Wednesday, August 12, 2009

The Nightingales of Troy

I give all the credit to my art director, Eleen Cheung at W.W. Norton for guiding this jacket along and getting it printed. Even at the end we were making adjustments and Eleen had an endless amount of patience with me and the author (and everyone else) to make this happen.

The book is comprised of ten linked short stories which track the lives of four generations of women from Troy, N.Y., "where love comes to die." The first story begins in 1908, and subsequent stories are spaced approximately a decade apart. Because there are so many stories it seemed important to NOT show everything and give more of a feel of the lush & complex stories.

There is quite a bit of rich detail in the writing to draw upon. For imagery, I chose to focus on women representing the 20s time period where the name of the novel is taken from the corresponding story. I hinted at some of these concepts in the early comps, such as the Madonna/saint since there are many spiritual overtones throughout.

A nun grows poppies (opium) in one story:

After this round, the author suggested she would like to see Troy featured. This photo (I thought) had a nice balance between mysterious & beautiful...

Then it was suggested to try synchronized swimmers since they appear in the book in one of the stories: I was skeptical...but I did like the symmetry of the photograph.

In one of the above rounds I sent this comp. It didn't go over at the time, but elements of the design appear in the final (modern-day Troy at the bottom):

This comp was submitted later in the process...

After this concept was chosen, I then took vintage images (or made images vintage looking) relating to the individual stories and made them into small icons. The only catch was that the author wanted icons for every story. Originally I was told to try and fit all the icons on the front cover, but after some discussion we were finally able to get some pushed to the back cover (7 on front, 3 on back). The final design:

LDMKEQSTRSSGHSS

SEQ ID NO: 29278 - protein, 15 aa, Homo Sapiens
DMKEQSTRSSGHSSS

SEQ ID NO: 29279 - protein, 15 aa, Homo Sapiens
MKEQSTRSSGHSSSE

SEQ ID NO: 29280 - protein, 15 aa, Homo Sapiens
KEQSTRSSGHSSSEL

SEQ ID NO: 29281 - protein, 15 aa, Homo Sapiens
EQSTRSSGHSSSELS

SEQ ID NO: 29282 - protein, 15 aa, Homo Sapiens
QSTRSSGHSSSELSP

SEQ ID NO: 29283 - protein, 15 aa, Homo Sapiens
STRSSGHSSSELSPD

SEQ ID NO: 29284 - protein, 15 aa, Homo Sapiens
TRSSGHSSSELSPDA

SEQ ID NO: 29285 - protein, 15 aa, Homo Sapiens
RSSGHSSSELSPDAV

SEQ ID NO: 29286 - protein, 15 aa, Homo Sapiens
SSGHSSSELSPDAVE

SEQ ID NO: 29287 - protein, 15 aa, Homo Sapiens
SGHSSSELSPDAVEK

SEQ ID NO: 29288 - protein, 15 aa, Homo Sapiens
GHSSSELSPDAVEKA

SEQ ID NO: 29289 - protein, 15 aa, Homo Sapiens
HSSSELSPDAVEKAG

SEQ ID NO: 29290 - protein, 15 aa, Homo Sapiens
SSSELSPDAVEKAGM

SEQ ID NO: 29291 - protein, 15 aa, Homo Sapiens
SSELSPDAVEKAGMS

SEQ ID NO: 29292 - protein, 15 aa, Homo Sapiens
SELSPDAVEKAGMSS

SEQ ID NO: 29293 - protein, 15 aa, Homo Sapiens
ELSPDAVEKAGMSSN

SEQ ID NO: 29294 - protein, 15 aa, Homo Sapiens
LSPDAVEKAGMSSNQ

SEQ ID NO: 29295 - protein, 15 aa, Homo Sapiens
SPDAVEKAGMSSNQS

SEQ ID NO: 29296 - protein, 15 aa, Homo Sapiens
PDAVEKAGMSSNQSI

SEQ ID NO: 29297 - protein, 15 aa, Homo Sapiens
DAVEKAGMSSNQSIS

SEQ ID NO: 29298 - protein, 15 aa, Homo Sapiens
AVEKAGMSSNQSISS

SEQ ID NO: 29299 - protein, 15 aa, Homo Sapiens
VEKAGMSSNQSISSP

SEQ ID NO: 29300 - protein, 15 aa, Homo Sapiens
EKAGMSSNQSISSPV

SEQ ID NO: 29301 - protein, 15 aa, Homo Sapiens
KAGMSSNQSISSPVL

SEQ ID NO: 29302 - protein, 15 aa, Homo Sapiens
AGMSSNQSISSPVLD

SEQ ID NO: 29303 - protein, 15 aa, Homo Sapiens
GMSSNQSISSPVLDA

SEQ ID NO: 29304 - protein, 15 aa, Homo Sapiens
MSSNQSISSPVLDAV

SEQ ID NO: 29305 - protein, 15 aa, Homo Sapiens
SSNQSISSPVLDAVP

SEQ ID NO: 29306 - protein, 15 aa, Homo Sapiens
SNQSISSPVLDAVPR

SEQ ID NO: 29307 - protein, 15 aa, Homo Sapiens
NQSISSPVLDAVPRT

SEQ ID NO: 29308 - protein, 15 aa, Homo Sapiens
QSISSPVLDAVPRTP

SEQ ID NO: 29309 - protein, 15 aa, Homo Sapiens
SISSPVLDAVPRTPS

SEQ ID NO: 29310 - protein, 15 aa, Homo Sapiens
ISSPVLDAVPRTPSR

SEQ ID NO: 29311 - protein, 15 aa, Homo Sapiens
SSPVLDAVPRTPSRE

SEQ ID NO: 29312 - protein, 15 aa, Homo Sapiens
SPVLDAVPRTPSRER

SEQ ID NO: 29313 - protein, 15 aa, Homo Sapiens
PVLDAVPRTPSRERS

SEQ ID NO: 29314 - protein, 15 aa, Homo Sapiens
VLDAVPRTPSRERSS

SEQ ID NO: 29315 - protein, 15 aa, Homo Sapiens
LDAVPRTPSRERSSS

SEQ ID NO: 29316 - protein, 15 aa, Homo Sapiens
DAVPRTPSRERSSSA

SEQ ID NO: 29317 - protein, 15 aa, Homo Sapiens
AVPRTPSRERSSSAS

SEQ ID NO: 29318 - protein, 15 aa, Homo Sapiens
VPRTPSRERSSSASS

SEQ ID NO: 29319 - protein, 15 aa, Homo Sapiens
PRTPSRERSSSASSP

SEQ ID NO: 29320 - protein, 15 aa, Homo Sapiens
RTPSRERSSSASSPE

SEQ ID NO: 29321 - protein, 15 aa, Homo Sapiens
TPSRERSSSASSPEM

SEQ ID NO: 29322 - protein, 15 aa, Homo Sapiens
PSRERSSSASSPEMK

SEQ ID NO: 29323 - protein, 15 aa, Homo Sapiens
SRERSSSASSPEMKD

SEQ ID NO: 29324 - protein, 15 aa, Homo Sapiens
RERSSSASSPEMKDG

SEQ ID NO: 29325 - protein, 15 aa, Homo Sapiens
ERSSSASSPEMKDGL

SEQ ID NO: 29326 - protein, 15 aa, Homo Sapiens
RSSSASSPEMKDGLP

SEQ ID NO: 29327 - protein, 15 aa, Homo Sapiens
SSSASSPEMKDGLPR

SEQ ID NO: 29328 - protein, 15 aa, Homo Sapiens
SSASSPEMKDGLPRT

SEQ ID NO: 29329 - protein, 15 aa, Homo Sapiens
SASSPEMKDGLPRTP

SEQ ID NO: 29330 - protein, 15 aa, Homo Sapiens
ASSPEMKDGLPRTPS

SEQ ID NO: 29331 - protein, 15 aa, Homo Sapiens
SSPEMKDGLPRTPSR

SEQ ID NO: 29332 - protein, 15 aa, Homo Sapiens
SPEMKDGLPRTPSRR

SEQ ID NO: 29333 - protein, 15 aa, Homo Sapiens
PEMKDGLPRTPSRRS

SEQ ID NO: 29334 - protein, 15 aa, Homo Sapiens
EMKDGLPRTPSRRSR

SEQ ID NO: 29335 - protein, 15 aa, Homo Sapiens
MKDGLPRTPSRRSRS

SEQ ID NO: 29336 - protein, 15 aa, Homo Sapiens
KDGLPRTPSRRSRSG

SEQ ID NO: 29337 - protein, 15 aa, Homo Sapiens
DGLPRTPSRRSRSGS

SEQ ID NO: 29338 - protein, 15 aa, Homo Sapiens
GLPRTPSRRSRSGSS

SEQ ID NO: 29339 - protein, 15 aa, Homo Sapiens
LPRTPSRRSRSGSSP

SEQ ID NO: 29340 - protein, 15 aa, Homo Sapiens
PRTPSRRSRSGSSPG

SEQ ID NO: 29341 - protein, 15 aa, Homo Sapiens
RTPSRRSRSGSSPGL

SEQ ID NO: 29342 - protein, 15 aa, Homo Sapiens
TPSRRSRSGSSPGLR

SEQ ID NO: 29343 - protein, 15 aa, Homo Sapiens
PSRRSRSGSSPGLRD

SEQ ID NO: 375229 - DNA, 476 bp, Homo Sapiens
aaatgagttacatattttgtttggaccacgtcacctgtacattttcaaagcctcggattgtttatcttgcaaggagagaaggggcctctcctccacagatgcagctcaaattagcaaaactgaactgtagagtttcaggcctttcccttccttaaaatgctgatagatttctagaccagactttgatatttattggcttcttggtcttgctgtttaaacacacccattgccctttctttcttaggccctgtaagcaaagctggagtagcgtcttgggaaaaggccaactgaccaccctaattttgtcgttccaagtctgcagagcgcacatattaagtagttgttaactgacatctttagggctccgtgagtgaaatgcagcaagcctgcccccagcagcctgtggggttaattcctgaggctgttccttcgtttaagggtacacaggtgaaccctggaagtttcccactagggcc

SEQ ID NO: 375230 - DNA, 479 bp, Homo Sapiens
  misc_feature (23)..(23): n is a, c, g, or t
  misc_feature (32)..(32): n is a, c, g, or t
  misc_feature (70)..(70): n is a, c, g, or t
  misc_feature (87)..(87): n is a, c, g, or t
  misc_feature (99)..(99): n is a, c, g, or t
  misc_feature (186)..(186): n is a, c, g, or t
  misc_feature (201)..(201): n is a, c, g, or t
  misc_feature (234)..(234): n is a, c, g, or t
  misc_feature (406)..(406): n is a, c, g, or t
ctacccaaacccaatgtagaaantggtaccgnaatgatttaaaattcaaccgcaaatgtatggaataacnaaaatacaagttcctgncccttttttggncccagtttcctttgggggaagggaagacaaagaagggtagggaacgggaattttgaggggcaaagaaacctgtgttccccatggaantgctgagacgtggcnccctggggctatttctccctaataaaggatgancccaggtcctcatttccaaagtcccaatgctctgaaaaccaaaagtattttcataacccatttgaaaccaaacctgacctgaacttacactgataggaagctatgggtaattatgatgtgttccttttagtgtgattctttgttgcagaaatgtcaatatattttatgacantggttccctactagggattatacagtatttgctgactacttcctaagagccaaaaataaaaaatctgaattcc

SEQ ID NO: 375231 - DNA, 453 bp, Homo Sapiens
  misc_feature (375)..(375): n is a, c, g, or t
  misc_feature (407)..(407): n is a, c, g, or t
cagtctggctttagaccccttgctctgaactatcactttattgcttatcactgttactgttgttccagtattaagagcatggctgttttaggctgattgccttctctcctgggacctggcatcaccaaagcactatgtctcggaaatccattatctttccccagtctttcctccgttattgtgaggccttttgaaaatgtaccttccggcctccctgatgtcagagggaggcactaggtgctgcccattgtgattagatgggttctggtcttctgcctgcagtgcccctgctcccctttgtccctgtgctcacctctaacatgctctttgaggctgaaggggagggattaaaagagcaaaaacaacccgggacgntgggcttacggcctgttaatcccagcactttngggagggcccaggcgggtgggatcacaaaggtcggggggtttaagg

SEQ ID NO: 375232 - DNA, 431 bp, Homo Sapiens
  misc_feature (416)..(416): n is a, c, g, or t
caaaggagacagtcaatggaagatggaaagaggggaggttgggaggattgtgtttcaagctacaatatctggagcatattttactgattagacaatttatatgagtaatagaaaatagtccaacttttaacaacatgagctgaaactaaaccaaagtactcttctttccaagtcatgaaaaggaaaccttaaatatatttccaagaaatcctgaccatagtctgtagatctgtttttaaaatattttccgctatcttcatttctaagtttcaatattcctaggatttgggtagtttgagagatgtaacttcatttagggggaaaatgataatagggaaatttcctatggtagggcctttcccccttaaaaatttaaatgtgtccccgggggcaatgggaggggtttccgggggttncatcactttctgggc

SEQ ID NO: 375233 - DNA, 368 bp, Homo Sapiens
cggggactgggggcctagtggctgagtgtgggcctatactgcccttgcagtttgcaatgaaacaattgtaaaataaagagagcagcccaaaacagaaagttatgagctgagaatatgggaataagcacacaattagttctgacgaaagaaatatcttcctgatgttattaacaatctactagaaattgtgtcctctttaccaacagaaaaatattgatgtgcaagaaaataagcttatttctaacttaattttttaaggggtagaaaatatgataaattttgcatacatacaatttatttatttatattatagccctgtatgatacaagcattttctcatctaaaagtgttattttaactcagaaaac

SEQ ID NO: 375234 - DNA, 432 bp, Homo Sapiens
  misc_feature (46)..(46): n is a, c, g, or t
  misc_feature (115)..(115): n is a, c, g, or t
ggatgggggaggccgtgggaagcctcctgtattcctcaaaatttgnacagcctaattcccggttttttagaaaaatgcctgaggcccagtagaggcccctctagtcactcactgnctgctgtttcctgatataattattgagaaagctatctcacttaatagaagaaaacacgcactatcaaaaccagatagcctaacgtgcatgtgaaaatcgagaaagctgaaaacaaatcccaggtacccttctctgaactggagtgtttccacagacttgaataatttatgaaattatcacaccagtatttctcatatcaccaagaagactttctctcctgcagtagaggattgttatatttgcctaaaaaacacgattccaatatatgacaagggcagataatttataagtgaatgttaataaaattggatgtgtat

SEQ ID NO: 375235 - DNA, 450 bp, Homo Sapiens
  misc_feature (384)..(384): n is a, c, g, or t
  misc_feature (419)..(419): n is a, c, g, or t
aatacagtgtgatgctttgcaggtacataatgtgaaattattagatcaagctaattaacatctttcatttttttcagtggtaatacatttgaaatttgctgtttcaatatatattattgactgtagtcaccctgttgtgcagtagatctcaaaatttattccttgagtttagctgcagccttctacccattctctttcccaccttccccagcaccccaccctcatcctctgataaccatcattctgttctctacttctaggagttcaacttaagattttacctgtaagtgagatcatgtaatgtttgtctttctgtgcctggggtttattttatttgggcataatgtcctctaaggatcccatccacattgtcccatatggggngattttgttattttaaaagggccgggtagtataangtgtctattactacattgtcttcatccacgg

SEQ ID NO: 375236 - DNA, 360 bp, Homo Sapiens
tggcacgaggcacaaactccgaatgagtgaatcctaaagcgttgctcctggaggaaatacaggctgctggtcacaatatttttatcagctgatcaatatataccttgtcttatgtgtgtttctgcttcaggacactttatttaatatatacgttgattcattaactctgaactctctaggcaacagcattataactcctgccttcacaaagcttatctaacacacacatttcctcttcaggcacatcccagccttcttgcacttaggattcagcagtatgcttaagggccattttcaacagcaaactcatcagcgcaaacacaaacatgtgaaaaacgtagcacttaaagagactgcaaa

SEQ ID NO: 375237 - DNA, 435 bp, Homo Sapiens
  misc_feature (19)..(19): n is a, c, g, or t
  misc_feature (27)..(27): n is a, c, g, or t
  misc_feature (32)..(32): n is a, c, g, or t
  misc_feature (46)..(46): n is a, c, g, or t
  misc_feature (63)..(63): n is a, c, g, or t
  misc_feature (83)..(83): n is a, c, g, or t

The final jacket was a selection in the Philadelphia AIGA design awards this year (the PDAs).


Anne said...

Wow, what a process. Lovely designs and the final is so nice.

umlaut said...

Wow, I genuinely think they're all great. Have to say though, I think the first is my favourite - that image is really striking, but I especially love that font (great 'R' in Troy!).

Would it be rude to ask how long a process like this might take from start to finish?

And great blog by the way.

K. Glyder said...

I think it took several months of back & forth before we had a cover design in place. The final cover, with the small icons, took another month of so to finalize with the correct art...

umlaut said...

Thanks - that's incredible, but also not surprising. I'm sure you have some great stories to tell about the trials and tribulations of working with authors and publishers too, but very wise of you to be so diplomatic here!

I'll look forward to seeing more.

Anonymous said...

After all those iterations and permutations, I don't know how you found the spirit to keep trying so hard and doing fresh new ideas. At that point, I would have brought the author and editor over to my computer, sat them down, and said "Here's the computer, here's the software, go ahead and design it and I'll be back after a long, liquid lunch."

I'm so impressed with your patience and perseverance! That's why you're great, and I'm anonymous, I guess.